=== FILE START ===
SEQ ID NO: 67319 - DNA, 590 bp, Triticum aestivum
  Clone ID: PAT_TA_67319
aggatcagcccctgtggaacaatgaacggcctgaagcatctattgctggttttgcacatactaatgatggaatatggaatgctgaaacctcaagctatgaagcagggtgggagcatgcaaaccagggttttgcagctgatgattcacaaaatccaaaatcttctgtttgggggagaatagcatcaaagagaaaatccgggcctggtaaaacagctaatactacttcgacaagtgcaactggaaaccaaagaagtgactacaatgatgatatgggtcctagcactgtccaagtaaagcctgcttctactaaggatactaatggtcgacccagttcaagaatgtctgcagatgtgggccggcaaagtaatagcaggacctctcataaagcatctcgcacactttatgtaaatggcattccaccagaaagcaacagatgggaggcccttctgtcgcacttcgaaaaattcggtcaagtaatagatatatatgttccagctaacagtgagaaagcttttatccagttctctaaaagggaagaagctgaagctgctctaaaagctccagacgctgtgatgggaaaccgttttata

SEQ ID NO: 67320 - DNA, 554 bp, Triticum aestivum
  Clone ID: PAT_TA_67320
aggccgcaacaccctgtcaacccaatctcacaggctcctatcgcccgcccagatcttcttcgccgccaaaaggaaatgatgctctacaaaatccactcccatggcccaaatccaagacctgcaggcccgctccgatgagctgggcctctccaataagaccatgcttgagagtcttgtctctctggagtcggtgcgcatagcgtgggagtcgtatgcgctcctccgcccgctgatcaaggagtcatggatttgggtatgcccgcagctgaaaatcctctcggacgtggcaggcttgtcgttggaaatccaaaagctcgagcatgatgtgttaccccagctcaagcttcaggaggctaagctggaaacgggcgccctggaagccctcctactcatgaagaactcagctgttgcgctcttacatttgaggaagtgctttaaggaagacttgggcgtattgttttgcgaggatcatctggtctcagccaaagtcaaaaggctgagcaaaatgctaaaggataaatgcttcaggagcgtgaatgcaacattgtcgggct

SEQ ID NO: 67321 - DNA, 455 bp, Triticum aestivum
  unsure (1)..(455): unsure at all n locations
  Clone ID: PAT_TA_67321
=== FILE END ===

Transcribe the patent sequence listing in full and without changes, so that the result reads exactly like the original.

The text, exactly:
SEQ ID NO: 67319 - DNA, 590 bp, Triticum aestivum
  Clone ID: PAT_TA_67319
aggatcagcccctgtggaacaatgaacggcctgaagcatctattgctggttttgcacatactaatgatggaatatggaatgctgaaacctcaagctatgaagcagggtgggagcatgcaaaccagggttttgcagctgatgattcacaaaatccaaaatcttctgtttgggggagaatagcatcaaagagaaaatccgggcctggtaaaacagctaatactacttcgacaagtgcaactggaaaccaaagaagtgactacaatgatgatatgggtcctagcactgtccaagtaaagcctgcttctactaaggatactaatggtcgacccagttcaagaatgtctgcagatgtgggccggcaaagtaatagcaggacctctcataaagcatctcgcacactttatgtaaatggcattccaccagaaagcaacagatgggaggcccttctgtcgcacttcgaaaaattcggtcaagtaatagatatatatgttccagctaacagtgagaaagcttttatccagttctctaaaagggaagaagctgaagctgctctaaaagctccagacgctgtgatgggaaaccgttttata

SEQ ID NO: 67320 - DNA, 554 bp, Triticum aestivum
  Clone ID: PAT_TA_67320
aggccgcaacaccctgtcaacccaatctcacaggctcctatcgcccgcccagatcttcttcgccgccaaaaggaaatgatgctctacaaaatccactcccatggcccaaatccaagacctgcaggcccgctccgatgagctgggcctctccaataagaccatgcttgagagtcttgtctctctggagtcggtgcgcatagcgtgggagtcgtatgcgctcctccgcccgctgatcaaggagtcatggatttgggtatgcccgcagctgaaaatcctctcggacgtggcaggcttgtcgttggaaatccaaaagctcgagcatgatgtgttaccccagctcaagcttcaggaggctaagctggaaacgggcgccctggaagccctcctactcatgaagaactcagctgttgcgctcttacatttgaggaagtgctttaaggaagacttgggcgtattgttttgcgaggatcatctggtctcagccaaagtcaaaaggctgagcaaaatgctaaaggataaatgcttcaggagcgtgaatgcaacattgtcgggct

SEQ ID NO: 67321 - DNA, 455 bp, Triticum aestivum
  unsure (1)..(455): unsure at all n locations
  Clone ID: PAT_TA_67321